Something to try: Gawk at the Skinny House at 44 Hull Street, the narrowest house in Boston.


Fenway-Kenmore is home to the famous ballpark, but that’s only part of this neighborhood’s charm. Bound to the east by Massachusetts Avenue, the north by the Mass Pike, to the southwest by Mission Hill, and on the west by the Longwood Medical Area, the neighborhood is comprised almost exclusively of five and six-story buildings. Much of Boston is distinctly collegiate, but Fenway-Kenmore is the leader of the pack, with nearly 75% of the residents currently enrolled. As you might predict, this is a renter-heavy community, with 90% of the residents holding leases.

The youthful population adds an exciting, energetic, and distinctly fun-loving feel to the area. The bar scene is sports-centered but becomes increasingly low-key as you move away from Fenway Park. One note: this is not a great neighborhood for car-owners, even if you have the luxury of a garage. Traffic is a tangle when the area is overrun with sports fans on game nights.

  • Population – 40,898
  • Home Price – Median home value $234,729
  • Rent Prices – Median rent $1,475
  • Employers – Brigham & Women’s Hospital, Boston University, Children’s Hospital, Beth Israel Deaconess Hospital, and Northeastern University
  • Schools – Boston Latin School, Brookline High School, Lawrence School, Coolidge Corner School, Boston Latin Academy

Something to try: Visit the infamous statue honoring Leif Erikson’s exploratory trip to Massachusetts. It’s been standing since 1887 and is beloved despite being built on a completely baseless claim.

Jamaica Plain

Known for its diversity of housing, population, and ideologies, Jamaica Plain is still one of the best bargains in the city. The area is bound to the northeast by Heath Street, on the southeast by Washington Street, on the southwest by Arborway, and to the northwest by Perkins Street and Jamaica Way. These boundaries are hotly-contested, as are many neighborhood boundaries in Boston, but one thing that isn’t up for debate: a majority of the much-celebrated Emerald Necklace Park system falls within Jamaica Plain.

The community of Jamaica Plain is diverse. Young families, professionals, activists, and artists convene around Centre Street. This neighborhood is a perfect place to find independently owned boutiques and eateries, bright Victorian houses, and hipster hideouts.

With great access to public transport, many places to hang with kids or dogs, and affordable housing, Jamaica Plain is one of the last great neighborhoods for would-be buyers in Boston.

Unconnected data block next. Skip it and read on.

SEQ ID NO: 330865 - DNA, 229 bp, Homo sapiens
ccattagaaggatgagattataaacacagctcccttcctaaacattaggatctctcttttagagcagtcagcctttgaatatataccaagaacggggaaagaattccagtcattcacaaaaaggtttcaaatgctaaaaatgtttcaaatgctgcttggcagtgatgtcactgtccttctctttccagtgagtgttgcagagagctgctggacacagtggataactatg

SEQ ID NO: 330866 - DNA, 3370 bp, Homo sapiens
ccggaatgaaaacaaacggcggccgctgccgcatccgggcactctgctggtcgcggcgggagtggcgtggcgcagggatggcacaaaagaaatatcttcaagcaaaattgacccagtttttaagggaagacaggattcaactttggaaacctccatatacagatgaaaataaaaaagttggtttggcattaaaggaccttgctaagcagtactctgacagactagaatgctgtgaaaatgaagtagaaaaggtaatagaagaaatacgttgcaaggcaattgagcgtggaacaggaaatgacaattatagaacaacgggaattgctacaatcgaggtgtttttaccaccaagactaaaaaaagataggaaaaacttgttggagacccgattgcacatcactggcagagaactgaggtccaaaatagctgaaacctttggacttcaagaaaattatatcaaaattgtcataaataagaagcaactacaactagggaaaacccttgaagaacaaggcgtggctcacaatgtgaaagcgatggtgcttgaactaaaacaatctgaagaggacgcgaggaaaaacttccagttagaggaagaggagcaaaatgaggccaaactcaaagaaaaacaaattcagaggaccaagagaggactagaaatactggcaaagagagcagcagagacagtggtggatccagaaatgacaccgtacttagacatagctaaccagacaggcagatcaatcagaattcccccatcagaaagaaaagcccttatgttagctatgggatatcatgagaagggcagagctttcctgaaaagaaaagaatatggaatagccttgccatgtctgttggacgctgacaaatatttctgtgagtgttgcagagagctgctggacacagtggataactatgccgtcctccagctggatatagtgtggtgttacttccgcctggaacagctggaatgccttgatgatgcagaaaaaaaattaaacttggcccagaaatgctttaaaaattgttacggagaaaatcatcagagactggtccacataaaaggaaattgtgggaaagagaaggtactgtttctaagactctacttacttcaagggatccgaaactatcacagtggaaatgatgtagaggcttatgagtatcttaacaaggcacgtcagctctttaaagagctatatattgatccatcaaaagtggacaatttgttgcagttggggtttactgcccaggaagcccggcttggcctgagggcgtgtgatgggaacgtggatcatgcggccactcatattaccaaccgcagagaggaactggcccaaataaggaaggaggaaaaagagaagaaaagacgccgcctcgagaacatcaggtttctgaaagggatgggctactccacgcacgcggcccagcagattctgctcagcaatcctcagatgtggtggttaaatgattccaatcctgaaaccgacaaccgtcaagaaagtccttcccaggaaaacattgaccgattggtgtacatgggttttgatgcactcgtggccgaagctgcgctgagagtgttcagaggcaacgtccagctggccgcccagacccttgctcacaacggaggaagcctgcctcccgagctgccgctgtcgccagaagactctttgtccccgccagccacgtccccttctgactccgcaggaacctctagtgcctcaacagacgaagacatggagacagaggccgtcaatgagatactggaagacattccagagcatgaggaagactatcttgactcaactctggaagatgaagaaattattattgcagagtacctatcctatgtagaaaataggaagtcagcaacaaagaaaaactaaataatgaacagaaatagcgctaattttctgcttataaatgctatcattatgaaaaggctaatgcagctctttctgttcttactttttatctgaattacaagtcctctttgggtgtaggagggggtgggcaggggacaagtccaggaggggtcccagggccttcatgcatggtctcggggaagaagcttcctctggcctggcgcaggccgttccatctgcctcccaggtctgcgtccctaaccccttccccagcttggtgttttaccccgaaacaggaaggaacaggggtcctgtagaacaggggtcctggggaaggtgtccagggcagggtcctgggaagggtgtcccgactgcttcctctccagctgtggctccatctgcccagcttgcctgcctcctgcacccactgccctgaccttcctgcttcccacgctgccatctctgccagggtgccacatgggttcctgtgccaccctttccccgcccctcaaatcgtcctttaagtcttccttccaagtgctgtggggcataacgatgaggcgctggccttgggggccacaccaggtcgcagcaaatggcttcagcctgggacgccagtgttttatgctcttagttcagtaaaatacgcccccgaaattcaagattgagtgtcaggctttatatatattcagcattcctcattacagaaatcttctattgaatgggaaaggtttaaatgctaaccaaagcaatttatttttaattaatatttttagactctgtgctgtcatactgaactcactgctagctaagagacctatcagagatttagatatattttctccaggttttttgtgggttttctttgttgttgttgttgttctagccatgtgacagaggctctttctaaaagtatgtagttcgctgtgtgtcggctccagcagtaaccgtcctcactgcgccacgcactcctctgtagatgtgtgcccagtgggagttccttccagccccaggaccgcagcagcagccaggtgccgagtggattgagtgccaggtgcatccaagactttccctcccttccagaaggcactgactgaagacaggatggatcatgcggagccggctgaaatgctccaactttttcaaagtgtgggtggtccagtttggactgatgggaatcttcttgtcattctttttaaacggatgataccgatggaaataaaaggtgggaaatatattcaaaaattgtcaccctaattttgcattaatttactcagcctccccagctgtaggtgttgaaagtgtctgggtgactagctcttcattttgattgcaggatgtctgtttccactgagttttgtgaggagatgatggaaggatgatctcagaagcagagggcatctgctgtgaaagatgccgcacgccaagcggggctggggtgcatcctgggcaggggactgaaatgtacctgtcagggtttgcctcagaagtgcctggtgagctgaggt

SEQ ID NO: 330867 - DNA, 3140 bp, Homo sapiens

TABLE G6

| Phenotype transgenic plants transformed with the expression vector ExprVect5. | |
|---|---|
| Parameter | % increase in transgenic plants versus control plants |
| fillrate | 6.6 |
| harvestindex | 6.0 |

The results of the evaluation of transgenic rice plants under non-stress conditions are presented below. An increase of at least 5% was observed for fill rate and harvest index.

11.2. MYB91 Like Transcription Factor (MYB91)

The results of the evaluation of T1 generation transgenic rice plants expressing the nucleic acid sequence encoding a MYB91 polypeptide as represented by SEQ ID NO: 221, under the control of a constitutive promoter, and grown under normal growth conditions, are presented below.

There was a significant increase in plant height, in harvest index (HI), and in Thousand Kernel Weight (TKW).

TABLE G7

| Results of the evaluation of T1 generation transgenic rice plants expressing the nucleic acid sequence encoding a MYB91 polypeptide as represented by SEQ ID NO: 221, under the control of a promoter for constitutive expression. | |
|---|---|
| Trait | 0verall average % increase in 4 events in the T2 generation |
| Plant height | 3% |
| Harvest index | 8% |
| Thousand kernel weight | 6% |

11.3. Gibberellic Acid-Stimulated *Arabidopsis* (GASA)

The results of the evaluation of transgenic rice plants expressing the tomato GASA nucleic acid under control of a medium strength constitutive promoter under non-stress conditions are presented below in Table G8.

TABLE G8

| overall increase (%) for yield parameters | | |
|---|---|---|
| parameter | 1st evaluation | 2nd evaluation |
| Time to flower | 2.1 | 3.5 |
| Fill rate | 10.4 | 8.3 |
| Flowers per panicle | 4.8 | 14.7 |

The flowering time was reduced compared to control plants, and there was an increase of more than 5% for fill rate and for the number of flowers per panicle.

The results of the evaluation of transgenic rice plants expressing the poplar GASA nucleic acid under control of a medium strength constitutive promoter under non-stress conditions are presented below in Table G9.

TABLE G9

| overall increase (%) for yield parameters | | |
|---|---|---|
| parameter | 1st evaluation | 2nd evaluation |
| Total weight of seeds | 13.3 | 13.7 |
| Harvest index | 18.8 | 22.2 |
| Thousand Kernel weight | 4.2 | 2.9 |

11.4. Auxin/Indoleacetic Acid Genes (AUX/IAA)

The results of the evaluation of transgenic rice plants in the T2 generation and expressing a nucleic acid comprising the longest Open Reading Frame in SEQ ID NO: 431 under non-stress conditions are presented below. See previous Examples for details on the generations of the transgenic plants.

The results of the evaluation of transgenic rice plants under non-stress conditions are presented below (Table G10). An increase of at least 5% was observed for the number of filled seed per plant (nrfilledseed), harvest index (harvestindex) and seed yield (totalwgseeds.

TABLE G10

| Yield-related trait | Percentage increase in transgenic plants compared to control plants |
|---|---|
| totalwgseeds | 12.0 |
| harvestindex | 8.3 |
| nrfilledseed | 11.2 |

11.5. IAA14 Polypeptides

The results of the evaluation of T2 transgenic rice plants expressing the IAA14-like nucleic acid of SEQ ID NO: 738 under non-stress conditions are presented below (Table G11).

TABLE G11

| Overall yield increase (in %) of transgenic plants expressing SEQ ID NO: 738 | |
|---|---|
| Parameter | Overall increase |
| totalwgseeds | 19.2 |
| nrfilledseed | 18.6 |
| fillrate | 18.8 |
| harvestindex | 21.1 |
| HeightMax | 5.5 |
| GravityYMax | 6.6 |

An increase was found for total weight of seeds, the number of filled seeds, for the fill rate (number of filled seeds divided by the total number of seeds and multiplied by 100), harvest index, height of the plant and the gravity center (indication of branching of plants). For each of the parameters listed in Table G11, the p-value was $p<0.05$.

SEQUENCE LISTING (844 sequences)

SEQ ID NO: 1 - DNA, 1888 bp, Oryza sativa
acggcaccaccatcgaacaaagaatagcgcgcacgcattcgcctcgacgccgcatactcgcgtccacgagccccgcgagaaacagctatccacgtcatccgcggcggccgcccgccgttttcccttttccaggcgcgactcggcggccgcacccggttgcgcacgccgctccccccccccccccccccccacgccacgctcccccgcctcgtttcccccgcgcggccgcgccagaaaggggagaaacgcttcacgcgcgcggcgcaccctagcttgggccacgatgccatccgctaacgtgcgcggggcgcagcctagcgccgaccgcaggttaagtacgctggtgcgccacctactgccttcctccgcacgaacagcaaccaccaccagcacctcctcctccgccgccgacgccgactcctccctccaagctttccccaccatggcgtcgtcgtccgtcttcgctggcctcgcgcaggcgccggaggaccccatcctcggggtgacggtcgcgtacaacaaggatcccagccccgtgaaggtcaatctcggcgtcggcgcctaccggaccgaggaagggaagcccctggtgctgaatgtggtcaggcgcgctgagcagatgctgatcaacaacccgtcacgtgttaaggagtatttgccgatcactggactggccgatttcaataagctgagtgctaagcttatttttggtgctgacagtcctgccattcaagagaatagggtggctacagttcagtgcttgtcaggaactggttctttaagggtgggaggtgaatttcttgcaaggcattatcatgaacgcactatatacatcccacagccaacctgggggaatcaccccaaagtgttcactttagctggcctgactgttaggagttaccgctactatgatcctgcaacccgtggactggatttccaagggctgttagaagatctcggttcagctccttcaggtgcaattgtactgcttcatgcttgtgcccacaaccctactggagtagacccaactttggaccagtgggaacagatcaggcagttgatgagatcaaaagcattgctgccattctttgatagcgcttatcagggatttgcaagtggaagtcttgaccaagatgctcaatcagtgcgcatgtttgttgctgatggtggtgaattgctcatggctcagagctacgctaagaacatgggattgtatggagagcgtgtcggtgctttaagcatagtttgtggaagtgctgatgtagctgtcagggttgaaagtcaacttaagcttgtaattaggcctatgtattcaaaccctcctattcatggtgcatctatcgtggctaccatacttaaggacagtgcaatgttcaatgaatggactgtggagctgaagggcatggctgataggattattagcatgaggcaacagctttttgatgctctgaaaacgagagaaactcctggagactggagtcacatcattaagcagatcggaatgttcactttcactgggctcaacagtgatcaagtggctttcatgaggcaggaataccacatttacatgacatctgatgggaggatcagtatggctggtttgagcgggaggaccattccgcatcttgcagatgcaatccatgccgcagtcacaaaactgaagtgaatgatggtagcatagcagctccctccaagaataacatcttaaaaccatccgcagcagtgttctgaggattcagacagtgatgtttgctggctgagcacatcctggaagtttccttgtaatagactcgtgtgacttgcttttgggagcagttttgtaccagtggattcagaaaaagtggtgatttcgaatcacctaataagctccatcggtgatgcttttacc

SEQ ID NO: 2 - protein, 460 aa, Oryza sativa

• Population – Just under 43,363
  • Home Price – Median home value $426,595
  • Rent Prices – Median rent $1,375
  • Employers – Faulkner Hospital, VA Boston Healthcare, Angell Animal Medical Center, Sherrill House, Brookside Community Health Center
  • Schools – Boston Latin School, Heath School, Baker School, John D. Runkle School, William H. Lincoln School

Something to try: Sample the offerings at the renowned J.P. Licks ice cream shop.

South End

Not to be confused with South Boston, South End is bound on the north by Back Bay, to the southwest by Roxbury, on the south by Dorchester, and to the northeast by Bay Village. This neighborhood has a storied history of ups and downs, and in the latter half of the last century was the pioneering LGBT center of Boston. These days it’s hot, hip, and happening – if you can afford it. With 43% of the residents of South End owning their homes, you can expect a real neighborhood here, with plenty of old-timers and long-timers around.

The area is extremely walkable and packed with precious playgrounds and parks perfect for little ones. Expect a modern, diverse neighborhood that’s central to everything — and has outstanding food options. The Silver Line will get you wherever you need to go, and most of the amenities you need are a short walk away.

  • Population – 27,344
  • Home Price – Median home value $747,884
  • Rent Prices – Median rent $1,675
  • Employers – Boston Medical Center, Boston University, Federal Reserve Bank of Boston, Pine Street Inn
  • Schools –Boston Latin School, Boston Latin Academy, O’Bryant Schools of Math & Science, Manassah E. Bradley Elementary School, Fenway High School

Something to try: treat yourself to a night of jazz at Wally’s Café.

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Francesca Singer

Texan by birth, Francesca has lived in three states and five countries–which makes her a true expert on moving. When... Read More